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Mamuna Arshad

Wishing you all a
Merry Christmas

> December 2013

Beat Seasonal Affective Disorder (SAD) .......

It's an encounter that starts during this time; every year. The weather becomes threatening and unpredictable; changing from mostly mild; yet sunny to grey and bitterly cold. Few people look forward to the dull days and the long dreary nights that winter brings.

SAD is a depressive disorder triggered by a lack of sunlight. For most people, the winter months are the low points, the time when depression becomes really complex to negotiate with.With the clocks moving backwards..... For certain individuals, the change signals an obvious transition in personality; from feeling happy and stress-free to depressed and tense. 

Those that have SAD (Seasonal Affective Disorder) may have trouble concentrating or focusing. There is a marked lack of interest in daily tasks and activities that they usually enjoy, instead they may feel irritable and down. Then, with the change in seasons (spring/summer), they feel like themselves again.Nobody knows what causes SAD.

Experts believe that light plays a part, and that exposing people with SAD to extra light sometimes improves their mood. Some people feel mildly depressed; In others, energy levels are so low that they aren't able to achieve the things they would like to or would normally be able to during other seasons.

The following remedies may help:

Light Therapy- If you're suffering from seasonal affective disorder increase your exposure to light. Get as much natural light as possible .Get outside and go for a walk. The natural light will do you good. You can also invest in one of the most effective treatments for SAD; a specially designed light box, one that provides enough intensity of light.

Watch what you Eat- Don’t give way to carbohydrate cravings. Instead eat plenty of complex carbs such as wholegrain, bread, pasta and rice. But don’t opt for quick fixes like sweets or chocolate. Try and keep up with the good habits you had in the summer by eating lots of fresh fruit and veg.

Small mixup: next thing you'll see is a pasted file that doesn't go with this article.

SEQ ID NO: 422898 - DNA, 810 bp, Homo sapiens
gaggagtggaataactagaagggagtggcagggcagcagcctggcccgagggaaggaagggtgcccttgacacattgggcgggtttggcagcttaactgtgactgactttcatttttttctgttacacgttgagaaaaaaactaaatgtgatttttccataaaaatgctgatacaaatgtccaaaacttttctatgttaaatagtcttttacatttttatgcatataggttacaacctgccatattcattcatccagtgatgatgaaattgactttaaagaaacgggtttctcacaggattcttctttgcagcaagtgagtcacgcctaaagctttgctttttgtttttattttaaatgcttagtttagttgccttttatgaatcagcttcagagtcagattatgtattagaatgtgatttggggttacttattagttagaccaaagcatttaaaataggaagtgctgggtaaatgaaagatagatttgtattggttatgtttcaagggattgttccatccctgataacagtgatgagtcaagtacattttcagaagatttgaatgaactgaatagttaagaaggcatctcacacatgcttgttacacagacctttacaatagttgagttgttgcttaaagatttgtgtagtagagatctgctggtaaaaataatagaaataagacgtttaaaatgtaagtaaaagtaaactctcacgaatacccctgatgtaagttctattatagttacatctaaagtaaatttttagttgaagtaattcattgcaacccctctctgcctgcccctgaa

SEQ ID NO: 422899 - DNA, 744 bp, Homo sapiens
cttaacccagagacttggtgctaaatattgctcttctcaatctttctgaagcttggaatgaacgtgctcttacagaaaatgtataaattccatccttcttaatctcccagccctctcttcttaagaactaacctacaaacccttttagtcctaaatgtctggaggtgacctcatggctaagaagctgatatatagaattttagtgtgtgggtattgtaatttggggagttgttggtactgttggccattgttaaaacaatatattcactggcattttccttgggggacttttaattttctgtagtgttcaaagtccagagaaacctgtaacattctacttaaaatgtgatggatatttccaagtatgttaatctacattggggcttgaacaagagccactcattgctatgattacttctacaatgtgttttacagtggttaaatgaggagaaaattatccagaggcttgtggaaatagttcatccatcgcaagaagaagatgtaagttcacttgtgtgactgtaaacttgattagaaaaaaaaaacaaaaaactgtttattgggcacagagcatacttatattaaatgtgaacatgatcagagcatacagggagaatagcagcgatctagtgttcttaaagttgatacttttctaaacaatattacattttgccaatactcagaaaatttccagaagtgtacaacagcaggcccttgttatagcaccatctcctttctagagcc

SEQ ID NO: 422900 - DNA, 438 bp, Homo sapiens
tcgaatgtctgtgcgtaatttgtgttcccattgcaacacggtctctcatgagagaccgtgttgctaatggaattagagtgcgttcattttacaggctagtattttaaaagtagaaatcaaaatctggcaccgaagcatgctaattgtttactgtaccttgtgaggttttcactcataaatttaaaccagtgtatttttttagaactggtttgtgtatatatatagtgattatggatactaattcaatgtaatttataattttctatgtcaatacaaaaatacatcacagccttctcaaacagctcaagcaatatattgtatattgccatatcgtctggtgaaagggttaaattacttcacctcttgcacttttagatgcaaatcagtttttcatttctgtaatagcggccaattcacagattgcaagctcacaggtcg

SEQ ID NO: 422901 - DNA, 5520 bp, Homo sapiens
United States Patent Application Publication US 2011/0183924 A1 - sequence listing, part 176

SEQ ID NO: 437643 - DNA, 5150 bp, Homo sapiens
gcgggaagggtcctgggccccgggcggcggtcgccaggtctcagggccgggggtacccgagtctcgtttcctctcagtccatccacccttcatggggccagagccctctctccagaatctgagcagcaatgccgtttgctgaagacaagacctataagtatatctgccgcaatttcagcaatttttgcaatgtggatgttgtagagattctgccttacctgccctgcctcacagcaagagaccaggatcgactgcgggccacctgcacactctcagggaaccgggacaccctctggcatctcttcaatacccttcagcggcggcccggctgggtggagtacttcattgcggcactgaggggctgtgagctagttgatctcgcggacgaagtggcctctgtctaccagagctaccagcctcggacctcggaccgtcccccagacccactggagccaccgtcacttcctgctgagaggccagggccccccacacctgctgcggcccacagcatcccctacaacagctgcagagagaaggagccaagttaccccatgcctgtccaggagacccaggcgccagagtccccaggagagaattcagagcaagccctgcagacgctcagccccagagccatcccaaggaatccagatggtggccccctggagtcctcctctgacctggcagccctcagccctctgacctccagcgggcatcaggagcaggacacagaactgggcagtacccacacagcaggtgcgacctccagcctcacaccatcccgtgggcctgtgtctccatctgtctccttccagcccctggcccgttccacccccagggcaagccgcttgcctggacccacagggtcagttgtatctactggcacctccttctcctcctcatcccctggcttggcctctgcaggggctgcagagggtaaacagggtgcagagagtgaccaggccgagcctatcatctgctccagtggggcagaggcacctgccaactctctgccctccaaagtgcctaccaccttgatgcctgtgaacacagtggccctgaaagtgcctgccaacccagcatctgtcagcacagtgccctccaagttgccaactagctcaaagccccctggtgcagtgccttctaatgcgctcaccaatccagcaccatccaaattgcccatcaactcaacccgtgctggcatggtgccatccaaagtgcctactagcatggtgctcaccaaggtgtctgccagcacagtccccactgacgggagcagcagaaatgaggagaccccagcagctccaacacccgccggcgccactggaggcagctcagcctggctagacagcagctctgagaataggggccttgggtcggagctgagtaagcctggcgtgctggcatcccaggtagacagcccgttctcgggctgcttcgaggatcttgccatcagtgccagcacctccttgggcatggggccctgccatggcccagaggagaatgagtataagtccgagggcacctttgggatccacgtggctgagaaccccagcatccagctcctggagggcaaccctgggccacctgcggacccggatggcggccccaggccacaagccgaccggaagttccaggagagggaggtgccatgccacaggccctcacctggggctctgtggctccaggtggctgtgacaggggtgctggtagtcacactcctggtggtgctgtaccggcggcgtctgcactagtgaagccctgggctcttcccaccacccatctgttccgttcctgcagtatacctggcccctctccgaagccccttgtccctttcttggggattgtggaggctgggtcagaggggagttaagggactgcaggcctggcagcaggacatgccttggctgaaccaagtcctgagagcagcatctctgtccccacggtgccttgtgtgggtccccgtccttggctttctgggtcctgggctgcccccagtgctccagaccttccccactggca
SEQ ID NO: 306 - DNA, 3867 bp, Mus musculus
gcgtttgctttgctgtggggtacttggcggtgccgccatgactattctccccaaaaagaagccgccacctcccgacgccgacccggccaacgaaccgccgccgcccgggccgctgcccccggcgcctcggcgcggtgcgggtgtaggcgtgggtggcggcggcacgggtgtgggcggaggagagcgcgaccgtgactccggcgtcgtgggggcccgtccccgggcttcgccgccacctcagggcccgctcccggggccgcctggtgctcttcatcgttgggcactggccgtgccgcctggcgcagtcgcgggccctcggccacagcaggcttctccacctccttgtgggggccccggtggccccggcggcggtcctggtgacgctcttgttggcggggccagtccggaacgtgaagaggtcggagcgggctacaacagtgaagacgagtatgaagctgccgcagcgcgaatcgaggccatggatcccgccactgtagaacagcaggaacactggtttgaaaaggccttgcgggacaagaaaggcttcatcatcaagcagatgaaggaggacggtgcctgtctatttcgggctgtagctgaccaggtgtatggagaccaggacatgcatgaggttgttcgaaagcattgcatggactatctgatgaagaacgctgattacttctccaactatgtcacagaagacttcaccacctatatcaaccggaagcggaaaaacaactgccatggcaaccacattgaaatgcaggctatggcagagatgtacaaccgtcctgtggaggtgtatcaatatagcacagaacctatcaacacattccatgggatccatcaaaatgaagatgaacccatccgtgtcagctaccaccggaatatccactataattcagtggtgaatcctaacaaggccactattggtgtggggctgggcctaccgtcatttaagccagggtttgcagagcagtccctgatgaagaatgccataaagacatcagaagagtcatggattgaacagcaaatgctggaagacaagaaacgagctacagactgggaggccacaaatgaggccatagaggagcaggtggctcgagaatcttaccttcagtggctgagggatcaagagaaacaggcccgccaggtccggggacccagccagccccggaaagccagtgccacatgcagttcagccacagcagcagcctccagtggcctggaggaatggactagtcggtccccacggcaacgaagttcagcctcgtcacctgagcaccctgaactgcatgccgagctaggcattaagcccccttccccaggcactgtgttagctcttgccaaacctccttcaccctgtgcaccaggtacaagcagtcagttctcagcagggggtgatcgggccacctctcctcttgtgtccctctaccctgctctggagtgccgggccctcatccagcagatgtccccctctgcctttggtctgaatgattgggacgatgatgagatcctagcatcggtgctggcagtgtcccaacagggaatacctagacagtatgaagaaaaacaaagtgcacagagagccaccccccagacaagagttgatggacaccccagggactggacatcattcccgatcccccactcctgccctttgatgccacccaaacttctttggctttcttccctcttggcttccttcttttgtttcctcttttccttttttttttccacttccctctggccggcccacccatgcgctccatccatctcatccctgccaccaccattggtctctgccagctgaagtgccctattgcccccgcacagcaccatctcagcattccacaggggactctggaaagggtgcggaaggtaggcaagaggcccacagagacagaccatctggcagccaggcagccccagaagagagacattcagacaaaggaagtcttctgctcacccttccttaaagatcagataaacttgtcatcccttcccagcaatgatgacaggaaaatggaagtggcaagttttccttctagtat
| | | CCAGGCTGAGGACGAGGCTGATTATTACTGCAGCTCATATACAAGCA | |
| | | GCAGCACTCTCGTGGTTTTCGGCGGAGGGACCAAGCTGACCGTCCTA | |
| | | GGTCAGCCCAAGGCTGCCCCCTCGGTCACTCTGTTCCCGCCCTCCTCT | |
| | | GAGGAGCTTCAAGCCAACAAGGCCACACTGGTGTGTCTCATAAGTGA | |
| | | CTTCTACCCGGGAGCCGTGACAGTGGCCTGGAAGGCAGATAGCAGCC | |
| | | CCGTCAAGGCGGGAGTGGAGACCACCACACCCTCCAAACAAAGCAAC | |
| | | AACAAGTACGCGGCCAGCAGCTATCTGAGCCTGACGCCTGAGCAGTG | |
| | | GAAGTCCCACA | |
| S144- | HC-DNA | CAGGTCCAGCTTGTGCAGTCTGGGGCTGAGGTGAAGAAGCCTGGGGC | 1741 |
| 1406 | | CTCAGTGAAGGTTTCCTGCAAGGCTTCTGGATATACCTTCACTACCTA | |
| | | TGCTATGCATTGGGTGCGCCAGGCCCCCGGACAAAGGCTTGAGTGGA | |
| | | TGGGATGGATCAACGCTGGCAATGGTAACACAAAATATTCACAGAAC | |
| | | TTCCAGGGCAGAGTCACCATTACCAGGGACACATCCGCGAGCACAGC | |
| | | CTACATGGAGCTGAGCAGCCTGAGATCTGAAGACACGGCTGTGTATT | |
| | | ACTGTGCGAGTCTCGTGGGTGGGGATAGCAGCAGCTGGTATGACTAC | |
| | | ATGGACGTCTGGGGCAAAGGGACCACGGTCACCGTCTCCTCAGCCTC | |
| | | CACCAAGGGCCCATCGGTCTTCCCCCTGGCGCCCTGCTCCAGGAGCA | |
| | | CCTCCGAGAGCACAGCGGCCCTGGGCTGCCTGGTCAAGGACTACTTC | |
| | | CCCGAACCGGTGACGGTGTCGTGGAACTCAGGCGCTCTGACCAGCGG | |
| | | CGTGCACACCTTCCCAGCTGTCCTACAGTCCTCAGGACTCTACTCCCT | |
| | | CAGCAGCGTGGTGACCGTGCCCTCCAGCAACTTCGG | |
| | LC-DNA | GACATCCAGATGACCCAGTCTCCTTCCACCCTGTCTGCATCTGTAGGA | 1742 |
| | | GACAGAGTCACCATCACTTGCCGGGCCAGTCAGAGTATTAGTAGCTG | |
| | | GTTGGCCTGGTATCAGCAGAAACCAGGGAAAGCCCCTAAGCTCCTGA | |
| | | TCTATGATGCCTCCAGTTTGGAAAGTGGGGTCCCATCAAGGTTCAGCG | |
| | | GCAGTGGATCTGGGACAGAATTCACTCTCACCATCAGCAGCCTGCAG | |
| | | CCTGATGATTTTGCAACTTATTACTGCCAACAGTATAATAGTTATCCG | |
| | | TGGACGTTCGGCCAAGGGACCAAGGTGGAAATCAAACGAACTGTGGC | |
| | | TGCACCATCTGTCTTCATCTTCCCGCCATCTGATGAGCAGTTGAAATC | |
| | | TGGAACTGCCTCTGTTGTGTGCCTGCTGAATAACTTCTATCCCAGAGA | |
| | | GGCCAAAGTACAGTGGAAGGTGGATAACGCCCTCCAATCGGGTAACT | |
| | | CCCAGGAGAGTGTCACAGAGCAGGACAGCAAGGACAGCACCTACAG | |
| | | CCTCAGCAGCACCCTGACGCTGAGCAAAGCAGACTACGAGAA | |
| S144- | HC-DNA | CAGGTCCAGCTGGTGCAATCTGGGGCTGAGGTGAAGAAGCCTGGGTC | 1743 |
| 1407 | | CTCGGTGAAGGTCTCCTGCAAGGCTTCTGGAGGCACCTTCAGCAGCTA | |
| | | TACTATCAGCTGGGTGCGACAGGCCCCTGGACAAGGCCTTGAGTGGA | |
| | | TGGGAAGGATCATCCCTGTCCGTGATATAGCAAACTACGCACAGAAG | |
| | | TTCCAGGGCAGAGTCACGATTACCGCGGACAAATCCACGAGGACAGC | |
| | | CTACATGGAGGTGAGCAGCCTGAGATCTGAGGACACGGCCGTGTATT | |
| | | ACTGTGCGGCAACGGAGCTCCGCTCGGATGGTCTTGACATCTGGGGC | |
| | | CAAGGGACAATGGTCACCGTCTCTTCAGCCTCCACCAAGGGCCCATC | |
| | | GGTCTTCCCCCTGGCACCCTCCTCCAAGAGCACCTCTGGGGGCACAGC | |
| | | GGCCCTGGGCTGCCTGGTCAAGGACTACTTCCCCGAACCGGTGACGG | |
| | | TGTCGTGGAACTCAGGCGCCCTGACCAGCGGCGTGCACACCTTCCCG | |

Reduce alcohol and caffeine intake- Caffeine may give you a short lift, but it can also be the source of anxiety.
Alcohol, on the other hand, is a depressant, which can further intensify your mood. Your reduced energy level may cause you to turn to caffeine for a boost, but a nice cup of Chamomile, peppermint, and lemon tea are a better choice than teas with caffeine.

Exercise yourself to feeling better- Boost your endorphins by engaging in regular aerobic exercise. Aim to exercise outdoors in the early morning hours to lift your mood. Try walking, jogging, swimming. You can also keep your body's clock in sync by rising and retiring at the same time each day, even on weekends or days off from work.

Goal Setting-Get out of your comfort zone and learn something new. Set yourself a challenge with an achievable target and reward yourself for as job well done

Get plenty of sleep- Regulate your sleeping routine and don’t repeatedly hit the “snooze” button; this will only make you feel even more tired and lethargic once the working week begins.

Best Medicine … Ever-Meet up with friends, chat and have a good giggle. You’ll be amazed at the psychological, physiological and spiritual lift. Laughter is also known be beneficial for your mood and health.

Look after yourself- You don’t have to resort to extremes to pamper yourself or to give yourself a new look to boost your esteem. Book yourself into a salon for a facial or book a spa day to give yourself a complete Boost.

Join a Club- Take up Yoga or Pilates to help energise your Mind, Body and Spirit.